At the beginning of our gorilla tracking adventure in Rwanda
You then head off into the park with your guide, ready to have what will probably be the most amazing wildlife experience of your life.
Rwanda’s already at a high altitude (around 1500 metres about sea level), and you can hike up to over 3000 metres on steep paths. Be realistic about what you’re able to do. Hikes to the gorilla groups can take anything from half an hour one way to 10 hours. You’ll be placed in a group for the gorilla tracking based on the length of hike you’d like to do – so don’t choose the longest hike if you only exercise once a year, as you’ll slow everyone else down. If you are fit, and can handle hiking at a high altitude then opt for a longer hike – gorillas aside, it’s amazing just to be in the Central African rainforest, amongst moss-covered Hagenia trees, thickets of ferns and dense vegetation in a million shades of green.
It’s possible to request to see a particular gorilla group (depending on whether you are fit enough to do the hike to get to it). Do research on the gorilla groups in Rwanda and decide if there’s a specific one you’d like to see – for example, a group that’s just had babies.
Near the entrance to the park will be a group of porters. Not only will they carry your bag for you and give you a walking stick (which is really helpful in slippery bits) but they also help you up and down slippery, steep parts of the hike. Even if you don’t mind carrying your own bag, and don’t need help, it’s a good idea to take a porter – most of them are ex-poachers who now make a living from gorilla tourism, so by paying one $10 to carry your bag, you’re supporting both the local community and gorilla conservation.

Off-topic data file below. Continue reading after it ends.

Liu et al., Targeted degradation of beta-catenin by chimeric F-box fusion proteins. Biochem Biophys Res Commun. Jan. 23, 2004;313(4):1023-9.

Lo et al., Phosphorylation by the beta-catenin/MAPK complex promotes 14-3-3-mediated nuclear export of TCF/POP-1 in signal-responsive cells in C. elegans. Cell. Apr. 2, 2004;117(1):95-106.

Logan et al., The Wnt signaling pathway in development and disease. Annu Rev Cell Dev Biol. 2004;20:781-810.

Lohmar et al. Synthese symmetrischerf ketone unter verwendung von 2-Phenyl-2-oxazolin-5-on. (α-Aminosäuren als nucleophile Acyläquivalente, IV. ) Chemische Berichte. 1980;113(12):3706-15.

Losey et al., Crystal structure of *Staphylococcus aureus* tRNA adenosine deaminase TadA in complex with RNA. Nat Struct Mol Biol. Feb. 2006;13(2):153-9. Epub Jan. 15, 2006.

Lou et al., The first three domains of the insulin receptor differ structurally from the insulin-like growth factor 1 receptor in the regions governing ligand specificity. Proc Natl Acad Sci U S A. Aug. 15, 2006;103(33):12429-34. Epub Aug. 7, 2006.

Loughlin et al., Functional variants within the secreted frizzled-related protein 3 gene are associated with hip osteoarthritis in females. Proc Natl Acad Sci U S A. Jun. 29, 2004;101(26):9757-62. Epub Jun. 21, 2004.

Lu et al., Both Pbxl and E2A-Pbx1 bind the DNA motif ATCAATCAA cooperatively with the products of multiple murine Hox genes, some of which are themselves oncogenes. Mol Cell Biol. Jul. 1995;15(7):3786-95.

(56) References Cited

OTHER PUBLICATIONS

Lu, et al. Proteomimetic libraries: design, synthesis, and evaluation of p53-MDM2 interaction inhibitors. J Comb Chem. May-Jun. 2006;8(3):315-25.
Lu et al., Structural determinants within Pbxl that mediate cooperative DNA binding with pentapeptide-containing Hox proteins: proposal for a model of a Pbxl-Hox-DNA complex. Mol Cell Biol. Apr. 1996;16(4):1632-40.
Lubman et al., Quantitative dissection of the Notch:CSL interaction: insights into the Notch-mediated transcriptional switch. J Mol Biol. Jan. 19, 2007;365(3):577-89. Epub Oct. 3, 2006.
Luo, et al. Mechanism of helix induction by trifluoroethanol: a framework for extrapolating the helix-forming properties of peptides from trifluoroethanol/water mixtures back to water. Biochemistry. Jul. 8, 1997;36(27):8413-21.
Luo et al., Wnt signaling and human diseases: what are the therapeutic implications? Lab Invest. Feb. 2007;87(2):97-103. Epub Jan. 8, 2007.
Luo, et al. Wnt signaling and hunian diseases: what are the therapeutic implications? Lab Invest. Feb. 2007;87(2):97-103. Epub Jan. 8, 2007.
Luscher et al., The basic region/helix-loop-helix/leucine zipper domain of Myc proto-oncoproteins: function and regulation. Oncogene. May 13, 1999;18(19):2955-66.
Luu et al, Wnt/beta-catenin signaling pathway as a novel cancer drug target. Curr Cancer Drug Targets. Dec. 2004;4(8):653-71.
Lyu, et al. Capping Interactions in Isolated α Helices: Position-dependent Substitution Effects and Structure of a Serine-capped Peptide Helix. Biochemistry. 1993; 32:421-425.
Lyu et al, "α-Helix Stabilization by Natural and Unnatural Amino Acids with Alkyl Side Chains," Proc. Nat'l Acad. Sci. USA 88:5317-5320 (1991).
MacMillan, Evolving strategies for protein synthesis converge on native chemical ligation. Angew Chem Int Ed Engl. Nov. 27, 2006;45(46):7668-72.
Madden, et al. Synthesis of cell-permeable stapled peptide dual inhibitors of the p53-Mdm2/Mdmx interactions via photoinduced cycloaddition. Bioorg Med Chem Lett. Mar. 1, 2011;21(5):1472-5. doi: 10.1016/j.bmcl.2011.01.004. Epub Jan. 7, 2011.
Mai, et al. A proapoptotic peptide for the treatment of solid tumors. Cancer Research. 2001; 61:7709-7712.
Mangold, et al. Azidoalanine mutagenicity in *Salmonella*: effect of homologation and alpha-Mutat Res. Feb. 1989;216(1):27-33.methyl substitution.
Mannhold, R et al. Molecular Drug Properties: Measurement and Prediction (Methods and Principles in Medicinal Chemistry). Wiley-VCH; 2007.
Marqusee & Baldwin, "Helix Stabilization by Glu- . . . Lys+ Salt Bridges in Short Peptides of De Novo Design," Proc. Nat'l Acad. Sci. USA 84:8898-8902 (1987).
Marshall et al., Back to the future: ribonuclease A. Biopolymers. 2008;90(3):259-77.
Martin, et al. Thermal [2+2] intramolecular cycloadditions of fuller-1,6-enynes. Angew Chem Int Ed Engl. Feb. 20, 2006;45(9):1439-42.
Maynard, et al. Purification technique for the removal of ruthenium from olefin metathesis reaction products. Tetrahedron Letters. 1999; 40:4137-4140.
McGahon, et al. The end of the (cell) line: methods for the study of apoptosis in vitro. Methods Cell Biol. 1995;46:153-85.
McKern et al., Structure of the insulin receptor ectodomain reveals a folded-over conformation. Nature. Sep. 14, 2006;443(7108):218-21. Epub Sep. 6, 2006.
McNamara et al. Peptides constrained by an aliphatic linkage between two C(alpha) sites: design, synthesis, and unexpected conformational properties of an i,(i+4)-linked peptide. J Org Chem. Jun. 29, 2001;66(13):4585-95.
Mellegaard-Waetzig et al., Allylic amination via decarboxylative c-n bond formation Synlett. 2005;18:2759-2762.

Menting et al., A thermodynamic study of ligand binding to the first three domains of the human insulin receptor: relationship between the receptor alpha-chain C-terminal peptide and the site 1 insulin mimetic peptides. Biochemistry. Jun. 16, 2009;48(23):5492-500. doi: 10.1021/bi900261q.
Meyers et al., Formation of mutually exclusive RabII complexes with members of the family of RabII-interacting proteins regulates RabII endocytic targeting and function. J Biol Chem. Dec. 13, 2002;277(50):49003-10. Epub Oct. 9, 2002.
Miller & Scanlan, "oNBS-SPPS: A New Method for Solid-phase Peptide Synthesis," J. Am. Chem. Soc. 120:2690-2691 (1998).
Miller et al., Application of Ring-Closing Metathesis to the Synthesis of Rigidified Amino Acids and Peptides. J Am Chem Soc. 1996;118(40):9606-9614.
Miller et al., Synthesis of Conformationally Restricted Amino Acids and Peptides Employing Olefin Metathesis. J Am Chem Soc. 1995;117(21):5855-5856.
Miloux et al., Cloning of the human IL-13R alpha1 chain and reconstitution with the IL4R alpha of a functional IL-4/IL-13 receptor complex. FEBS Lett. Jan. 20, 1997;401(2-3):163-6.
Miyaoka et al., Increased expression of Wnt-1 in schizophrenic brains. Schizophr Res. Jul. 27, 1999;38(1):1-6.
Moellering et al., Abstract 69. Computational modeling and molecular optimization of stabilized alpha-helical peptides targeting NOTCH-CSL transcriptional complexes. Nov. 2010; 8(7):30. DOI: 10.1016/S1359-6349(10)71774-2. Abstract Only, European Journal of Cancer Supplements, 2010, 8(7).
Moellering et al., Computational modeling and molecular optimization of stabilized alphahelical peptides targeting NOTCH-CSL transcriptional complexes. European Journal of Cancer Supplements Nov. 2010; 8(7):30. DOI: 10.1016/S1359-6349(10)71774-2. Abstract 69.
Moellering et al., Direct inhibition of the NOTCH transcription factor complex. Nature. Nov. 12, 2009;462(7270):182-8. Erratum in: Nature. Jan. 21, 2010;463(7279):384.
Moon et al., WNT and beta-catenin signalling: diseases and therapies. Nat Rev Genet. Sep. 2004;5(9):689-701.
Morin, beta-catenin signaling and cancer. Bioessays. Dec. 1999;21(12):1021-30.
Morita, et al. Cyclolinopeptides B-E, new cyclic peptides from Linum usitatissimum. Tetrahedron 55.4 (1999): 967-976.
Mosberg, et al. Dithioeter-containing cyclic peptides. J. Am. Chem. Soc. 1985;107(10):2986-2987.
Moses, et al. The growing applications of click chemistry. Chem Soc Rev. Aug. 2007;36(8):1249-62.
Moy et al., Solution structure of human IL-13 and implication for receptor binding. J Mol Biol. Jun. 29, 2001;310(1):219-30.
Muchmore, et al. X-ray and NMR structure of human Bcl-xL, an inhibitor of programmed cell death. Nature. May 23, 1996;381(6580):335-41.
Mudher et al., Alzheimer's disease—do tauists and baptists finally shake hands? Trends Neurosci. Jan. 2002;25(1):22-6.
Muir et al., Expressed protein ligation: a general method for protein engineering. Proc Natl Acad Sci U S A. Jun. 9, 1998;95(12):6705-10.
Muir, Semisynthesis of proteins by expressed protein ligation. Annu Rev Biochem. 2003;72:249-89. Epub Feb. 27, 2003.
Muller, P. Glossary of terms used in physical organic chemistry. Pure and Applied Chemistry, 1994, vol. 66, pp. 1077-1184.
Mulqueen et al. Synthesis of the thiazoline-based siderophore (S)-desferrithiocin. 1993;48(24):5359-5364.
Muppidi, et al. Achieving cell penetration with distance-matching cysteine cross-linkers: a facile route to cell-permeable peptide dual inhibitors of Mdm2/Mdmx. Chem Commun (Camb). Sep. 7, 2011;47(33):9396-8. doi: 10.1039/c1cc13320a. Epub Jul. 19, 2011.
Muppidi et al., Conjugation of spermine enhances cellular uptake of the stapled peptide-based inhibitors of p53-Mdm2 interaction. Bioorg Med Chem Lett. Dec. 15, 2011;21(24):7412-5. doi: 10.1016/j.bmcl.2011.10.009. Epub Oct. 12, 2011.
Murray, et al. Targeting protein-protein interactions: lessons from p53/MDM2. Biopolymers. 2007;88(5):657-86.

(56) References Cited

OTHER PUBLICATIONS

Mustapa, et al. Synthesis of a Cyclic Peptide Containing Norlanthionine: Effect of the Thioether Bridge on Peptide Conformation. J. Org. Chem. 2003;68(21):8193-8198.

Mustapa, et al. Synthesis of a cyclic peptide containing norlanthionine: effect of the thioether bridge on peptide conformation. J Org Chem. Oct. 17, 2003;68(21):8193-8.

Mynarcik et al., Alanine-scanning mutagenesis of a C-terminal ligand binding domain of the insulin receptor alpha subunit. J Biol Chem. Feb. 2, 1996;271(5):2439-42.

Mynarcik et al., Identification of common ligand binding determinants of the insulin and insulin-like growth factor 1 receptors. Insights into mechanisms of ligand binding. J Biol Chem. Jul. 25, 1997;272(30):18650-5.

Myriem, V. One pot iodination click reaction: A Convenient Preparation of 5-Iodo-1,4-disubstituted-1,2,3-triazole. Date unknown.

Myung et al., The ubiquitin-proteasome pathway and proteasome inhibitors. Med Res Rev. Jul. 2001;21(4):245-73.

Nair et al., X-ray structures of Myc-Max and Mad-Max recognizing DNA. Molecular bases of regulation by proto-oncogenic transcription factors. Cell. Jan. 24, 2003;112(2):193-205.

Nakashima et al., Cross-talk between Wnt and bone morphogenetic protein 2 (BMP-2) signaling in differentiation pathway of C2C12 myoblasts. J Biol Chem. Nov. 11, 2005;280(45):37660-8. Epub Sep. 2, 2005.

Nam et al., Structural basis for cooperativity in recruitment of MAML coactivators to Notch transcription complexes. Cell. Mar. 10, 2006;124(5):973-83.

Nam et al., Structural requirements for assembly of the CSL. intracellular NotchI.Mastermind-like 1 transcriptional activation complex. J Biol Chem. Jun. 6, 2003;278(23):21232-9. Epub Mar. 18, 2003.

The rainforest is full of horrible stinging nettles. It hurts to get stung. Protect yourself by bringing a pair of thick gloves (gardening gloves would be perfect), wearing knee-high hiking gaters, a long-sleeved lightweight shirt and wearing fairly thick pants (although it is quite warm so don’t wear your thermals). In terms of other clothes, you can hike in a pair of running shoes but a comfortable pair of hiking boots (preferably with a high ankle to protect from nettles) would be perfect. It often rains (it is a rainforest, after all) so bring a light rain jacket with a hood. Only take essentials in a small backpack – two bottles of water, maybe a snack if you’re a hungry hiker, camera, hat and sunscreen.
If possible, you should bring three camera bodies with three different lenses – I would recommend a zoom lens, wide angle and an in-between lens or a fixed focal length lens. The gorillas move around, and it’s tricky to change lenses while they’re moving so having different camera bodies is ideal. If you’re more a point-and-shoot-type then make sure your camera is fully charged, and bring extra memory cards just in case!
You’ll be desperate to get great pics of the gorillas to show friends back home how close you came to these amazing animals. But think about shooting video too. It’s fairly easy video to shoot – you’re close to the gorillas and they don’t move as fast as say, lions. You’ll be glad that you shot a video of this once-in-a-lifetime moment.
Volunteering Uganda is the Best volunteering Tour Operator in Uganda and can also offer the Best Volunteering Safaris to different communities at a discounted Rates